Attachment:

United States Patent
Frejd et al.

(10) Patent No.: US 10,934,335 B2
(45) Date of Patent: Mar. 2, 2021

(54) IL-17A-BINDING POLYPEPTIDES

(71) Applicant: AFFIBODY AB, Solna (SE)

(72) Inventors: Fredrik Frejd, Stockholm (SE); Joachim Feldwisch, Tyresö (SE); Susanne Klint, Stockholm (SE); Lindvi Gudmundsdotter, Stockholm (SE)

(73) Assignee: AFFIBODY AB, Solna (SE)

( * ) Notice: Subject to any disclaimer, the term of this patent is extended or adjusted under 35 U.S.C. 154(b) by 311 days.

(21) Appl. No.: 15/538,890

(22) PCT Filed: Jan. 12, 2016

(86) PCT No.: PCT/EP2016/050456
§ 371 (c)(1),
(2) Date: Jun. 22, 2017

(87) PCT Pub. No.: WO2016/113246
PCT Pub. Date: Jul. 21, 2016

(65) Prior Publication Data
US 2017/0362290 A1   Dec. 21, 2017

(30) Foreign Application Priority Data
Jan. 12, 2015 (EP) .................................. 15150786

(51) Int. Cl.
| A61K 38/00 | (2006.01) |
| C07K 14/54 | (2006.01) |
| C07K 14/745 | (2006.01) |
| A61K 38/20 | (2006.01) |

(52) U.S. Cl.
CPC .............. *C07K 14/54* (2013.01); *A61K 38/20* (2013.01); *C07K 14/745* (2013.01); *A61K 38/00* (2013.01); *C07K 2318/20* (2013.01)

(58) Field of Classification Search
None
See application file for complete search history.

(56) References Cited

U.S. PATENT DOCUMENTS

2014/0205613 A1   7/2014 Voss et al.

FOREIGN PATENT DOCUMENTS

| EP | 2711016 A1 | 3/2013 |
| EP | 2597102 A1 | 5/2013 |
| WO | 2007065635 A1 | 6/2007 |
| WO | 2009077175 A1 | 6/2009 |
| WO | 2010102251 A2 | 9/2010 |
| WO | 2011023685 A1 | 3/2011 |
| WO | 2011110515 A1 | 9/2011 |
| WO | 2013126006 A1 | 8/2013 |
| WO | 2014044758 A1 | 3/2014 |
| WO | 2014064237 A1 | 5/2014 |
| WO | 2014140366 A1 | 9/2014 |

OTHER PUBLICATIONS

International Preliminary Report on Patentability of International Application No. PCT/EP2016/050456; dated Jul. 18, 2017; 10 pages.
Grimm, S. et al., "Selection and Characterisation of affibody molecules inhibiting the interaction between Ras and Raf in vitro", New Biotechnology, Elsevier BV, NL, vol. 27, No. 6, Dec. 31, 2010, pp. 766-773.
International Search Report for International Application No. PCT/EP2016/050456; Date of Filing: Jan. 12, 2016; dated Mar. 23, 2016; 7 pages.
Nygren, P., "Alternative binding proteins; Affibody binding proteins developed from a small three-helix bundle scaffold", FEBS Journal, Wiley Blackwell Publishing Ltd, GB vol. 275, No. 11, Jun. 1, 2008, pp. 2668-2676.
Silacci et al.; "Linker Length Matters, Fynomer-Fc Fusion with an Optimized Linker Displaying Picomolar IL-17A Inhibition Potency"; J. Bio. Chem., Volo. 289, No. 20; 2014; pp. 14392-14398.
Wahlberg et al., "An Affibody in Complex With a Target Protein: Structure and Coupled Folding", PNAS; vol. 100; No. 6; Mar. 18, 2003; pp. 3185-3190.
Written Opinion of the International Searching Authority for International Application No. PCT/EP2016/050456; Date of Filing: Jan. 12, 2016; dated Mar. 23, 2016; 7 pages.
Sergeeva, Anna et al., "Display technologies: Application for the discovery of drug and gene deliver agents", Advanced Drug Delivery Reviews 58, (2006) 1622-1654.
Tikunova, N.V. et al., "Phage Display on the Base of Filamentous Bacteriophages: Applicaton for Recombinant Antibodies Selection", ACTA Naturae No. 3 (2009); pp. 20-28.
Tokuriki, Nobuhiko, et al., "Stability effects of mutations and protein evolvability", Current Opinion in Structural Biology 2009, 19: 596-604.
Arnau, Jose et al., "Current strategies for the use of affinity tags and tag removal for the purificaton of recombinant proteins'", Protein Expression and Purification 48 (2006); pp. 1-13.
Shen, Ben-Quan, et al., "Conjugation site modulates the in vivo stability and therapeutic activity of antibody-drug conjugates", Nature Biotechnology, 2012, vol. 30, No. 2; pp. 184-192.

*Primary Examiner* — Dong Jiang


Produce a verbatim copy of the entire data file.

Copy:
United States Patent
Frejd et al.

(10) Patent No.: US 10,934,335 B2
(45) Date of Patent: Mar. 2, 2021

(54) IL-17A-BINDING POLYPEPTIDES

(71) Applicant: AFFIBODY AB, Solna (SE)

(72) Inventors: Fredrik Frejd, Stockholm (SE); Joachim Feldwisch, Tyresö (SE); Susanne Klint, Stockholm (SE); Lindvi Gudmundsdotter, Stockholm (SE)

(73) Assignee: AFFIBODY AB, Solna (SE)

( * ) Notice: Subject to any disclaimer, the term of this patent is extended or adjusted under 35 U.S.C. 154(b) by 311 days.

(21) Appl. No.: 15/538,890

(22) PCT Filed: Jan. 12, 2016

(86) PCT No.: PCT/EP2016/050456
§ 371 (c)(1),
(2) Date: Jun. 22, 2017

(87) PCT Pub. No.: WO2016/113246
PCT Pub. Date: Jul. 21, 2016

(65) Prior Publication Data
US 2017/0362290 A1   Dec. 21, 2017

(30) Foreign Application Priority Data
Jan. 12, 2015 (EP) .................................. 15150786

(51) Int. Cl.
| A61K 38/00 | (2006.01) |
| C07K 14/54 | (2006.01) |
| C07K 14/745 | (2006.01) |
| A61K 38/20 | (2006.01) |

(52) U.S. Cl.
CPC .............. *C07K 14/54* (2013.01); *A61K 38/20* (2013.01); *C07K 14/745* (2013.01); *A61K 38/00* (2013.01); *C07K 2318/20* (2013.01)

(58) Field of Classification Search
None
See application file for complete search history.

(56) References Cited

U.S. PATENT DOCUMENTS

2014/0205613 A1   7/2014 Voss et al.

FOREIGN PATENT DOCUMENTS

| EP | 2711016 A1 | 3/2013 |
| EP | 2597102 A1 | 5/2013 |
| WO | 2007065635 A1 | 6/2007 |
| WO | 2009077175 A1 | 6/2009 |
| WO | 2010102251 A2 | 9/2010 |
| WO | 2011023685 A1 | 3/2011 |
| WO | 2011110515 A1 | 9/2011 |
| WO | 2013126006 A1 | 8/2013 |
| WO | 2014044758 A1 | 3/2014 |
| WO | 2014064237 A1 | 5/2014 |
| WO | 2014140366 A1 | 9/2014 |

OTHER PUBLICATIONS

International Preliminary Report on Patentability of International Application No. PCT/EP2016/050456; dated Jul. 18, 2017; 10 pages.
Grimm, S. et al., "Selection and Characterisation of affibody molecules inhibiting the interaction between Ras and Raf in vitro", New Biotechnology, Elsevier BV, NL, vol. 27, No. 6, Dec. 31, 2010, pp. 766-773.
International Search Report for International Application No. PCT/EP2016/050456; Date of Filing: Jan. 12, 2016; dated Mar. 23, 2016; 7 pages.
Nygren, P., "Alternative binding proteins; Affibody binding proteins developed from a small three-helix bundle scaffold", FEBS Journal, Wiley Blackwell Publishing Ltd, GB vol. 275, No. 11, Jun. 1, 2008, pp. 2668-2676.
Silacci et al.; "Linker Length Matters, Fynomer-Fc Fusion with an Optimized Linker Displaying Picomolar IL-17A Inhibition Potency"; J. Bio. Chem., Volo. 289, No. 20; 2014; pp. 14392-14398.
Wahlberg et al., "An Affibody in Complex With a Target Protein: Structure and Coupled Folding", PNAS; vol. 100; No. 6; Mar. 18, 2003; pp. 3185-3190.
Written Opinion of the International Searching Authority for International Application No. PCT/EP2016/050456; Date of Filing: Jan. 12, 2016; dated Mar. 23, 2016; 7 pages.
Sergeeva, Anna et al., "Display technologies: Application for the discovery of drug and gene deliver agents", Advanced Drug Delivery Reviews 58, (2006) 1622-1654.
Tikunova, N.V. et al., "Phage Display on the Base of Filamentous Bacteriophages: Applicaton for Recombinant Antibodies Selection", ACTA Naturae No. 3 (2009); pp. 20-28.
Tokuriki, Nobuhiko, et al., "Stability effects of mutations and protein evolvability", Current Opinion in Structural Biology 2009, 19: 596-604.
Arnau, Jose et al., "Current strategies for the use of affinity tags and tag removal for the purificaton of recombinant proteins'", Protein Expression and Purification 48 (2006); pp. 1-13.
Shen, Ben-Quan, et al., "Conjugation site modulates the in vivo stability and therapeutic activity of antibody-drug conjugates", Nature Biotechnology, 2012, vol. 30, No. 2; pp. 184-192.

*Primary Examiner* — Dong Jiang